Police, The Fourth Amendment, Qualified Immunity

11C Court seriously undercuts Alabamans right to resist unlawful police entry

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Alabama allows its citiens to resist when policemen unlawfully enter their property. That is exactly what happened in the following case:

Morris v. TOWN OF LEXINGTON ALABAMA, Court of Appeals, 11th Circuit 2014

Long story short, police officers came into plaintiff’s house when they knew, or should have known, that they had no business being there. After they refused to leave, plaintiff punched one of the officers to get him out. Then police arrested plaintiff for assault on policeman and took palintiff to jail. Plaintiff was eventually acquitted, by a jury, on the assault charge. Plaintiff then sued the police for, among other things, false arrest.

The Eleventh Circuit (11C) opinion, authored by Judge Tjoflat, held that police had no right to barge into plaintiff’s home, but also said that punching the policeman (in response to being pushed by the policeman in plaintiff’s own home) gave police “probable cause, or at least arguable probable cause, to arrest plaintiff for assault. The opinion noted that there was a valid defense to the assault charge (specifically, the fact that Alabama allows its citizens to resist unlawful police actions), but that because this is a “defense,” it does not negate probable cause.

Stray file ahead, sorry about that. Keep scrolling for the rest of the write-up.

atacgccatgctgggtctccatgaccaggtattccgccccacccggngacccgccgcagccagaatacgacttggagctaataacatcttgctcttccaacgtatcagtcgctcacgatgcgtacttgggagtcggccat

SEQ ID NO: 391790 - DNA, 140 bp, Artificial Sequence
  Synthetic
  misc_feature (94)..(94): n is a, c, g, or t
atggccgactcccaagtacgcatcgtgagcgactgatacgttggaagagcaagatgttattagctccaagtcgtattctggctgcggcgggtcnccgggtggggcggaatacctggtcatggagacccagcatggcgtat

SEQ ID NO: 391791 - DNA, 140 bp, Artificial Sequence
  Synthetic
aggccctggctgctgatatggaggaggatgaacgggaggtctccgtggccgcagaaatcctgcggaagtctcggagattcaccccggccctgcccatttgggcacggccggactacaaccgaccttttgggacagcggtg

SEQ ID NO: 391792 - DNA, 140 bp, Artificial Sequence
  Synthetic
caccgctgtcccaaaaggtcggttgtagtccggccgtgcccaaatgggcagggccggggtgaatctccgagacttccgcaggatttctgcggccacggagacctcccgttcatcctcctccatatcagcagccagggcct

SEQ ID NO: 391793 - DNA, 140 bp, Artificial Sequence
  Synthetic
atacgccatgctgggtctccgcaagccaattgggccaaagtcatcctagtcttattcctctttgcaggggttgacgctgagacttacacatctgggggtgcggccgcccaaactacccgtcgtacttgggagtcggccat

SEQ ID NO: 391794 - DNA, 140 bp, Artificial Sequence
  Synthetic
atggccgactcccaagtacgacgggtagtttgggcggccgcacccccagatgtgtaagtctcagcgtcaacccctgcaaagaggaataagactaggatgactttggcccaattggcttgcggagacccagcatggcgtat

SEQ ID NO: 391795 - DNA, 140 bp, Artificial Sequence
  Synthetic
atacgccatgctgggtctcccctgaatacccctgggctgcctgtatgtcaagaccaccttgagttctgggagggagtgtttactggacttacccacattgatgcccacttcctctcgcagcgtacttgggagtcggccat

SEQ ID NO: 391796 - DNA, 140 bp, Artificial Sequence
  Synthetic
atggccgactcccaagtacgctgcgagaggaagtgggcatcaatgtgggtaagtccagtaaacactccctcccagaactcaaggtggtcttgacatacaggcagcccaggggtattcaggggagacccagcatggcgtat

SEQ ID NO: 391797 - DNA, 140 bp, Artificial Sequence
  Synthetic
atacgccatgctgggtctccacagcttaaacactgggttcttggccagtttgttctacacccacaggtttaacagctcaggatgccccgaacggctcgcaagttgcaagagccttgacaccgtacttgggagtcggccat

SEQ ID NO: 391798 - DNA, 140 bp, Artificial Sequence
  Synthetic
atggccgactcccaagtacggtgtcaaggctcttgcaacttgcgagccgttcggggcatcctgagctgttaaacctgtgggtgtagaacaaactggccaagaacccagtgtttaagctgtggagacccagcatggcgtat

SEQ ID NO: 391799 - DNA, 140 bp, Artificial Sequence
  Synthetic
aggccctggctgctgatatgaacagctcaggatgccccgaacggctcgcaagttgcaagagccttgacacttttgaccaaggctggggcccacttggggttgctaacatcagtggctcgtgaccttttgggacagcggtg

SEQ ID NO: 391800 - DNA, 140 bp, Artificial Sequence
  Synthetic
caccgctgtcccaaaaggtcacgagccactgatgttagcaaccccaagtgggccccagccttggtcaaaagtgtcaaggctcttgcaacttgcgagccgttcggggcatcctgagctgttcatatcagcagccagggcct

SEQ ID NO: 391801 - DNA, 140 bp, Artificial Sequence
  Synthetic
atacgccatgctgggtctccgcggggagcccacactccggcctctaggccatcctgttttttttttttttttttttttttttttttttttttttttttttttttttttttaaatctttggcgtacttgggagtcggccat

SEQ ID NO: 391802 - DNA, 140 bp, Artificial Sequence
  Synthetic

I have seen decisions like this before. They seem flat-out wrong to me. Look at it this way: imagine that police know that a suspect has committed the prima facie elements of a crime (any crime), but also know with certainty that suspect has a rock solid affirmative defense under applicable law. Can police go get an arrest warrant from a magistrate on this basis? I would think / hope not. There may be cases where police don’t know for sure about the affirmative defense (consider the George Zimmerman slaying of Trayon Martin), but, it seems to me at least that when the policeman knows about the affirmative defense then this must defeat probable cause and strip the policeman of his prerogative to arrest.

I know that this is not the first civil suit to hold that affirmative defenses don’t matter in the probable cause calculus. At the very least, this interpretation, under which affirmative defenses known to the police do not defeat probable cause, makes it unwise for Alabamans to exercise their state-given right to resist unlawful police entries. Judge Tjoflat’s opinion says that that is okay because the plaintiff might have a valid civil case against the police for unlawful entry. Is that really enough to compensate for the kind of mental, or emotional, damage occasioned by a police entry? Can the damages caused by an unlawful police entry be fairly measured in money? Is this an issue for a federal judge (as opposed to a state legislature) to decide?

Written by Burgers Allday

June 14, 2014 at 5:15 am

Posted in Uncategorized

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